Source/publisher: "The Irrawaddy" Vol. 18, No. 4
Format/size: html, Gif
Alternate URLs: http://www2.irrawaddy.org/print_article.php?art_id=18220
Date of entry/update: 19 April 2010


Title: For Sex Workers, A Life of Risks
Date of publication: 25 February 2010
Description/subject: RANGOON, Feb 25, 2010 (IPS) - When Aye Aye (not her real name) leaves her youngest son at home each night, she tells him that she has to work selling snacks. But what Aye actually sells is sex so that her 12-year-old son, a Grade 7 student, can finish his education.
Author/creator: Mon Mon Myat
Language: English
Source/publisher: IPS
Format/size: html
Date of entry/update: 02 November 2010


Title: Desolation Road
Date of publication: July 2009
Description/subject: Some poor country girls survive by turning tricks with truck drivers doing the lonely overnight run between Mandalay and Taunggyi
Author/creator: Ko Htwe
Language: English
Source/publisher: "The Irrawaddy" Vol. 17, No. 4
Format/size: html
Date of entry/update: 11 August 2009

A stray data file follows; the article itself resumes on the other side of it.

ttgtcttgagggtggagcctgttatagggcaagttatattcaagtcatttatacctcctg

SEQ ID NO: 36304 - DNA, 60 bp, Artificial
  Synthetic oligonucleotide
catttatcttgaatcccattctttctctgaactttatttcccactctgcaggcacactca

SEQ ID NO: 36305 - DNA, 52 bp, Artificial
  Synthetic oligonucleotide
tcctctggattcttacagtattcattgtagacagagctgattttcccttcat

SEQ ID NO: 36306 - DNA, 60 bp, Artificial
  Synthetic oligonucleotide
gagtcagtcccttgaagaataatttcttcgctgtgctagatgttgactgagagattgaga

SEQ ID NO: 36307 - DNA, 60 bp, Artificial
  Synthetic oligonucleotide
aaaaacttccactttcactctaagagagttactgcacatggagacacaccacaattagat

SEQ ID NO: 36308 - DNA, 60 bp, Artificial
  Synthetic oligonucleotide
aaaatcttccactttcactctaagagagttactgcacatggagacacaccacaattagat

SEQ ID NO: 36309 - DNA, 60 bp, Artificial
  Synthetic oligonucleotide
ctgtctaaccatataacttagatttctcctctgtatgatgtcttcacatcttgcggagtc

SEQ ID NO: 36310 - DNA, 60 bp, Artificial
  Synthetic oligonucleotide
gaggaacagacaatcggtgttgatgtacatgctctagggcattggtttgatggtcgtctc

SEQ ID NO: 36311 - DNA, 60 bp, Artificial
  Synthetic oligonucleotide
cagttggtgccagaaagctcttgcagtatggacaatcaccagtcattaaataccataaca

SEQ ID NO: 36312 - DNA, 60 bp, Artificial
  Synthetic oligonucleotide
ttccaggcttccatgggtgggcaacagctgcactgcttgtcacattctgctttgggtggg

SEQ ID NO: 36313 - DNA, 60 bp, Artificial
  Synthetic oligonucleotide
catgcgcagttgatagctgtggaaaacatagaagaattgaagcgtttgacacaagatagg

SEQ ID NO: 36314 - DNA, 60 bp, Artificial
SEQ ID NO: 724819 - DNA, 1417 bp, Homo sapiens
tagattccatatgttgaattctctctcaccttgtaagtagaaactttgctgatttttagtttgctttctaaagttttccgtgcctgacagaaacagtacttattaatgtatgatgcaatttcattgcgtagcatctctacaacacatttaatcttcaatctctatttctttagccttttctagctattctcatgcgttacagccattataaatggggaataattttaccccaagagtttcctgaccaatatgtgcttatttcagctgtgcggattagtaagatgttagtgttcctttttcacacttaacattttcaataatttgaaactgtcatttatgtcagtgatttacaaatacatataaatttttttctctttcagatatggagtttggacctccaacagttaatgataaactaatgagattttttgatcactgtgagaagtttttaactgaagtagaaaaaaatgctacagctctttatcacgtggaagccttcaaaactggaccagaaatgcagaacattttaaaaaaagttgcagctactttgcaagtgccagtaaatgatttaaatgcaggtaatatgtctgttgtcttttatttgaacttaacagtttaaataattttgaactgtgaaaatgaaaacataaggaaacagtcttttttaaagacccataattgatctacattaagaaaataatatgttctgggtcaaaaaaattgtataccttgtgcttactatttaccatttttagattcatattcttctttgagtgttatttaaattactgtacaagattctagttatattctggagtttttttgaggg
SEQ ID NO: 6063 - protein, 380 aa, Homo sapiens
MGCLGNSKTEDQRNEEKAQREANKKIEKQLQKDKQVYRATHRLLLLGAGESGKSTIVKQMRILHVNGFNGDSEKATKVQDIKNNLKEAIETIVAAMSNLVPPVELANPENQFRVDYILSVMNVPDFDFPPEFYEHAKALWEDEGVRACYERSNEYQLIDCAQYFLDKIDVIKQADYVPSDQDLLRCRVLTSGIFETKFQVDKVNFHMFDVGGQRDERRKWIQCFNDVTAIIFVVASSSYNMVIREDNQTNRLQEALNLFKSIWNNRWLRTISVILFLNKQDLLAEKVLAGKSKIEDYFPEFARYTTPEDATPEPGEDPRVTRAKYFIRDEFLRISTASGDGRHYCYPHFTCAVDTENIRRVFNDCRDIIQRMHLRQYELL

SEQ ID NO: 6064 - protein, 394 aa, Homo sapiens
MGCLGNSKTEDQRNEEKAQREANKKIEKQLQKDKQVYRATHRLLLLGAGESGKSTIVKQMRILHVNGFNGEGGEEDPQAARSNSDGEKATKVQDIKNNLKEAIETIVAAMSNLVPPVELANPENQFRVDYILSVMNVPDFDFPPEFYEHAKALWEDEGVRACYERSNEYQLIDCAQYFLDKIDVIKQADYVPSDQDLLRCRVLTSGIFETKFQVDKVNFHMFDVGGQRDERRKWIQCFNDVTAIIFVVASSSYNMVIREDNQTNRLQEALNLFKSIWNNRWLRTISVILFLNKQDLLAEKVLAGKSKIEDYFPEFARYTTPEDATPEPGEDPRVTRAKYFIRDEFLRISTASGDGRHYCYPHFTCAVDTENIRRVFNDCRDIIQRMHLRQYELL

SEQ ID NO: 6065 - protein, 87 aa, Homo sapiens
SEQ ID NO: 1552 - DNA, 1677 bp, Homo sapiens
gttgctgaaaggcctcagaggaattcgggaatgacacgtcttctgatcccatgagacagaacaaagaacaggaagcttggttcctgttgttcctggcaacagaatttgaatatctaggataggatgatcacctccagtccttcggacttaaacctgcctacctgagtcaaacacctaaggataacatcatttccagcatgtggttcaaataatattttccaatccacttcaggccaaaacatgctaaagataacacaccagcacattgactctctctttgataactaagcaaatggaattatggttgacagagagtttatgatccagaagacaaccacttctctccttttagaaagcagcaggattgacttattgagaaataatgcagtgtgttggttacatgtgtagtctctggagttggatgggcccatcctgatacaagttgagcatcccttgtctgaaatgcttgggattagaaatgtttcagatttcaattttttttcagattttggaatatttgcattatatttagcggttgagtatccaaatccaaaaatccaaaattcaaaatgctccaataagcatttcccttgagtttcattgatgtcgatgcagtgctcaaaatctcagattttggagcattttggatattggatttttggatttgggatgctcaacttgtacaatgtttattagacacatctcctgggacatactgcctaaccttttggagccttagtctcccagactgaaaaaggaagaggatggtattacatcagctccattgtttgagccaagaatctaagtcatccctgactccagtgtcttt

Title: Sex and the (Burmese) City
Date of publication: July 2008
Description/subject: One area of the economy where Cyclone Nargis caused prices to drop... RANGOON — "THEY’re known fancifully as nya-hmwe-pan, or “fragrant flowers of the night,” although the reality of after-dark life for Rangoon’s increasing number of prostitutes isn’t so romantic. The number of “fragrant flowers” walking the streets and working the bars of Burma’s major city has reportedly soared since Cyclone Nargis ripped into the Irrawaddy delta and tore families apart. The arrival of desperate young women ready to trade their bodies for the equivalent of two or three dollars has depressed Rangoon prices still further, and the new girls on the block face not only police harassment but the hostility of the “old timers.” One afternoon in central Rangoon, I went hunting for an interview subject in one of the city’s main thoroughfares, Bogyoke Aung San Street. I didn’t have far to look..."